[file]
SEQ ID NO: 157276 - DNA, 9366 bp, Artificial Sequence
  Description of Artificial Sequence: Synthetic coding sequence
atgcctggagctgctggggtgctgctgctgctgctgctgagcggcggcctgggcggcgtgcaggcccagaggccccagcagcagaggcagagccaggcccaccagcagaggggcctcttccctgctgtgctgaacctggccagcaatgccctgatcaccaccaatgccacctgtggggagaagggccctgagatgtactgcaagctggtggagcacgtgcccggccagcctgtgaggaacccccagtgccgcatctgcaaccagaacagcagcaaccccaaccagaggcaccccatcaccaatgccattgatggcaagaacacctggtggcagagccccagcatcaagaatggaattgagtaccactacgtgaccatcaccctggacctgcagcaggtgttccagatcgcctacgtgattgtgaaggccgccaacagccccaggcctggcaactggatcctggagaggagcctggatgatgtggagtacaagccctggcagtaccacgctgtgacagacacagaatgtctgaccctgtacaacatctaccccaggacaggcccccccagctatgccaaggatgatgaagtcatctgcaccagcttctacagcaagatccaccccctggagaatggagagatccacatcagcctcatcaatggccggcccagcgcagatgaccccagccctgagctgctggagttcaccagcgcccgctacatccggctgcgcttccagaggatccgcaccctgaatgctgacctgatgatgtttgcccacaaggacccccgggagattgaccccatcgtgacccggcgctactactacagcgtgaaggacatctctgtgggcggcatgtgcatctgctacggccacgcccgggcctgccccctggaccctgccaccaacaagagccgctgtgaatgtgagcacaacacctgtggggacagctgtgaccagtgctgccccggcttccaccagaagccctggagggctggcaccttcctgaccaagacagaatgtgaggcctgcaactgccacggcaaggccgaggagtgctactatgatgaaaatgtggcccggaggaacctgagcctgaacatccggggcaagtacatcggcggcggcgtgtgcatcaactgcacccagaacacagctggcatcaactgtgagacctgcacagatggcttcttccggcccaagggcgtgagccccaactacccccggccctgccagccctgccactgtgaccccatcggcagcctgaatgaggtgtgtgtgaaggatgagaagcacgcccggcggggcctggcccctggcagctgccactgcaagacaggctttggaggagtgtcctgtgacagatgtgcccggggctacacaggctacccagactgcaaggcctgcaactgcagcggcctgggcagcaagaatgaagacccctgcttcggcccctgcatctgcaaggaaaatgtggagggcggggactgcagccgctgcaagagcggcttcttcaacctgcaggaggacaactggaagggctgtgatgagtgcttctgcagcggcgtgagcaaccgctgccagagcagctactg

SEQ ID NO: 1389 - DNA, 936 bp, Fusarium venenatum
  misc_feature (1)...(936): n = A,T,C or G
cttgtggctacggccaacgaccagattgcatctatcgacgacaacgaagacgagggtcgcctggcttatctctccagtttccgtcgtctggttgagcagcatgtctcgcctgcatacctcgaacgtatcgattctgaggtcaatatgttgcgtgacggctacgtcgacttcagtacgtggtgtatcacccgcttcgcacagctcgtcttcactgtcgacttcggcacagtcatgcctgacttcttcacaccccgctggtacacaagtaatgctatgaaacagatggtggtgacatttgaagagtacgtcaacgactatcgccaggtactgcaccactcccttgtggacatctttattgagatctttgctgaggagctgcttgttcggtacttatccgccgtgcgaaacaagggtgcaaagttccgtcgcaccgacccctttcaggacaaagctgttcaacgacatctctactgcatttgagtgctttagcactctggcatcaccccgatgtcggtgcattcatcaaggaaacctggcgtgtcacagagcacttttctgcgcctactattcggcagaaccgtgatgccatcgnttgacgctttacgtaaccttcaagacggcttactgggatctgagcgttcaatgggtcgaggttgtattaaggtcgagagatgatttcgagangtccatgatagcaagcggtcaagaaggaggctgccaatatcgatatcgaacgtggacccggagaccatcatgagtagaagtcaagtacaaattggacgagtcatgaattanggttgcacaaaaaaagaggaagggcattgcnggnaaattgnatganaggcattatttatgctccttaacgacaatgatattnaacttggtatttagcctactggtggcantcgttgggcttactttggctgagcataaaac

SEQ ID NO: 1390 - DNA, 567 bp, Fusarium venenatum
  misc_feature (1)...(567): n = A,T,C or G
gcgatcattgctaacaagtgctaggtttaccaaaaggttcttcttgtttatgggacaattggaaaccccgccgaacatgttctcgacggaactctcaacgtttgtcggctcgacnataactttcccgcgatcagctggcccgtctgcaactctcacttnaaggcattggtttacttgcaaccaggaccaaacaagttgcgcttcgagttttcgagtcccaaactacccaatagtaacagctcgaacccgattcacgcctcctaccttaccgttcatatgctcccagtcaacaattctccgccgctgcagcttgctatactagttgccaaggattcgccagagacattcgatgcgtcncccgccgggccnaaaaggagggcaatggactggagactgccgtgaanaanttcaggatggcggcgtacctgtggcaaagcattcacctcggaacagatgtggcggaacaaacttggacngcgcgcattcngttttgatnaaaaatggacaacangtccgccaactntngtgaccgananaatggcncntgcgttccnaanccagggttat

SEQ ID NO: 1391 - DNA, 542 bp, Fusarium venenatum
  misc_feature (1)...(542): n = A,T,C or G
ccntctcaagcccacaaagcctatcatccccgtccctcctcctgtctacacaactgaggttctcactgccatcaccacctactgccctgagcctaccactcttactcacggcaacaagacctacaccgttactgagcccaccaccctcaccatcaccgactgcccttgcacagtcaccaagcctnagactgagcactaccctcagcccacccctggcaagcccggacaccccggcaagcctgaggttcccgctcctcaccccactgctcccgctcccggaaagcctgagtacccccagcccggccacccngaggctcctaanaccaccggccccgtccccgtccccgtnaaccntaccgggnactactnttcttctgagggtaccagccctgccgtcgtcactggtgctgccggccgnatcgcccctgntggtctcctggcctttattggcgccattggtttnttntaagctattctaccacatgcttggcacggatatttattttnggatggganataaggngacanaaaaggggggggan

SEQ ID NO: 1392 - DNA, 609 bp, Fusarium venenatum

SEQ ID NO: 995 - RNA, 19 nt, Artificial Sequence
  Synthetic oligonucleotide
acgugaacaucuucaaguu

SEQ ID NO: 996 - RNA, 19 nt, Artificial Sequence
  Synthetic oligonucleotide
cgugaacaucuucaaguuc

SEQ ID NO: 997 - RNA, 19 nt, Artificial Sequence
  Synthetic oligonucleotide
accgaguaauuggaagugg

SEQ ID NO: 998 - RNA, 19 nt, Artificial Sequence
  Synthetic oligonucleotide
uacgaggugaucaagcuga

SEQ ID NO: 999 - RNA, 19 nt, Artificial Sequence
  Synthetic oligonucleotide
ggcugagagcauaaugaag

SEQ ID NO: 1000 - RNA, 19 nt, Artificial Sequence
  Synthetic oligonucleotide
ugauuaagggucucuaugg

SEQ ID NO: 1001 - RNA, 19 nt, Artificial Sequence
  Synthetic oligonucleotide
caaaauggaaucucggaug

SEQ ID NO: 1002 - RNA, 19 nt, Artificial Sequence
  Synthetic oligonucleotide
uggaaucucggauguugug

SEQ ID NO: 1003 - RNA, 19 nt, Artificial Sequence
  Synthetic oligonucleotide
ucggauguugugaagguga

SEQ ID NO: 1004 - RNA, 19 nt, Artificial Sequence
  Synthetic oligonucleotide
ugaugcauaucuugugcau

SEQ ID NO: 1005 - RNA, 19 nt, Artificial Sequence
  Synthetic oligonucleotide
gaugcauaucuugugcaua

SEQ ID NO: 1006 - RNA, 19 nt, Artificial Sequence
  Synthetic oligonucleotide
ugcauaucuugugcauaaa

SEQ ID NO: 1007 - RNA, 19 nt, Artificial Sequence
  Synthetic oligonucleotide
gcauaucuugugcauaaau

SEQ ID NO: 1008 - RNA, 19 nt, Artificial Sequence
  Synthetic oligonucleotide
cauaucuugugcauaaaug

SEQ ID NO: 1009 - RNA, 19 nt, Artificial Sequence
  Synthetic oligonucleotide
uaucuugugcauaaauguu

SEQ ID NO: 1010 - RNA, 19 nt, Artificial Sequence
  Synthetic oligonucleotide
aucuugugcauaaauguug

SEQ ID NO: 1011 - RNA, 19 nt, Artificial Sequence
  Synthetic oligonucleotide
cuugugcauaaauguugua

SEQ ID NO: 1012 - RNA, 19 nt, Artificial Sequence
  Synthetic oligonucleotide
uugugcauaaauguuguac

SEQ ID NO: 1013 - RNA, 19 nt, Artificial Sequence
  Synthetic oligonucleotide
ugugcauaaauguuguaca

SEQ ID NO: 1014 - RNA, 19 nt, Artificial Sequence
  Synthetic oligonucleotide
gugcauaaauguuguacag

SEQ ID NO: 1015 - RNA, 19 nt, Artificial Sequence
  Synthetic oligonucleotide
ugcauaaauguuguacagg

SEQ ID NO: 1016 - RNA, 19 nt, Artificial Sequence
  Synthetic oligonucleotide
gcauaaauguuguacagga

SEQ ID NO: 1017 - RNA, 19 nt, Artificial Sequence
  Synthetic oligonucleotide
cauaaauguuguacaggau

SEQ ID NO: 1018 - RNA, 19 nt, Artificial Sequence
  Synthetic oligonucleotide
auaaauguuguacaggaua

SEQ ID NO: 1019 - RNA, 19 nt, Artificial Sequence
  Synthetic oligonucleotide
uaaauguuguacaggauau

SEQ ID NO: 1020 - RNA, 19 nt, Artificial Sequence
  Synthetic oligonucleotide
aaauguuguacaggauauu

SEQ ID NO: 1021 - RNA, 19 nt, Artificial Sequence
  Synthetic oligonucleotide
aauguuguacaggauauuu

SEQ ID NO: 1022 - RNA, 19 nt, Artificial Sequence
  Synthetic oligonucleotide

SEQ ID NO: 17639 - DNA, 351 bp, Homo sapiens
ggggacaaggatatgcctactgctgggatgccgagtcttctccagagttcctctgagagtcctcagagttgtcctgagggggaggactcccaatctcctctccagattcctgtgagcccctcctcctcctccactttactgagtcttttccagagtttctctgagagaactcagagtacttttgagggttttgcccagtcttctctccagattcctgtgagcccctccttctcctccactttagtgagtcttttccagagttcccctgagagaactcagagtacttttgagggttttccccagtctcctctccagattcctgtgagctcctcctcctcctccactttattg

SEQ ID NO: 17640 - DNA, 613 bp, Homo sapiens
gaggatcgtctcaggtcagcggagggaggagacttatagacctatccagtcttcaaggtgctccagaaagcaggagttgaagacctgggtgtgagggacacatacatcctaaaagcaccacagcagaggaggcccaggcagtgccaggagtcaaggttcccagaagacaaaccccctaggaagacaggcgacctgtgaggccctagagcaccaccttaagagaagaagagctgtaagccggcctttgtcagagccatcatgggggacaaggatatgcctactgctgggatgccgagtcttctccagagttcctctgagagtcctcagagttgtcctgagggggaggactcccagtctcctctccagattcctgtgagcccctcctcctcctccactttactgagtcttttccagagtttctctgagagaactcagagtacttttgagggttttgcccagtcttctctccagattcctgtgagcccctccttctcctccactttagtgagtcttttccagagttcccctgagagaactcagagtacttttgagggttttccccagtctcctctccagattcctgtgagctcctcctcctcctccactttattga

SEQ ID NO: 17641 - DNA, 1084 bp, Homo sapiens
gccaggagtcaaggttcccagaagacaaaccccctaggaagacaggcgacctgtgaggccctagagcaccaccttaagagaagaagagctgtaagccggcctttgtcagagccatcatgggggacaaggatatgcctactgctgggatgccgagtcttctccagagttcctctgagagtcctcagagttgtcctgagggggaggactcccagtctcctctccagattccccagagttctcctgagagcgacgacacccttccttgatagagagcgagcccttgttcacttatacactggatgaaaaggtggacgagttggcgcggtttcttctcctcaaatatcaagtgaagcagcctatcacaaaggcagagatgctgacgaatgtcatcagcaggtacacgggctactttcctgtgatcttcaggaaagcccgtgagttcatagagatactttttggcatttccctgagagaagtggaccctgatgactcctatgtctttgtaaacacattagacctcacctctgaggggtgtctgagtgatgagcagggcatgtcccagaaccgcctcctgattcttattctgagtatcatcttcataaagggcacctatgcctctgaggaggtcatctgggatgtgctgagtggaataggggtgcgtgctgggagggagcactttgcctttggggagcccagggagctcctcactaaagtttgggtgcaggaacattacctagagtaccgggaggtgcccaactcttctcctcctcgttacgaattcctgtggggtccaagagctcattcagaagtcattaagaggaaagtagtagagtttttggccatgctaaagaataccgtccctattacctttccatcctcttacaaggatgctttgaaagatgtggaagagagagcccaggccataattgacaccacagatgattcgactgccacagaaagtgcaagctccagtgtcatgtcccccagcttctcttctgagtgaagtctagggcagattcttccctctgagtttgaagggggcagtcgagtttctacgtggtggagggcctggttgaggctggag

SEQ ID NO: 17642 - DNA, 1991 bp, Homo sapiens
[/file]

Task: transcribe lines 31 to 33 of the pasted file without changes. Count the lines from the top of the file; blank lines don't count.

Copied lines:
ugauuaagggucucuaugg

SEQ ID NO: 1001 - RNA, 19 nt, Artificial Sequence
  Synthetic oligonucleotide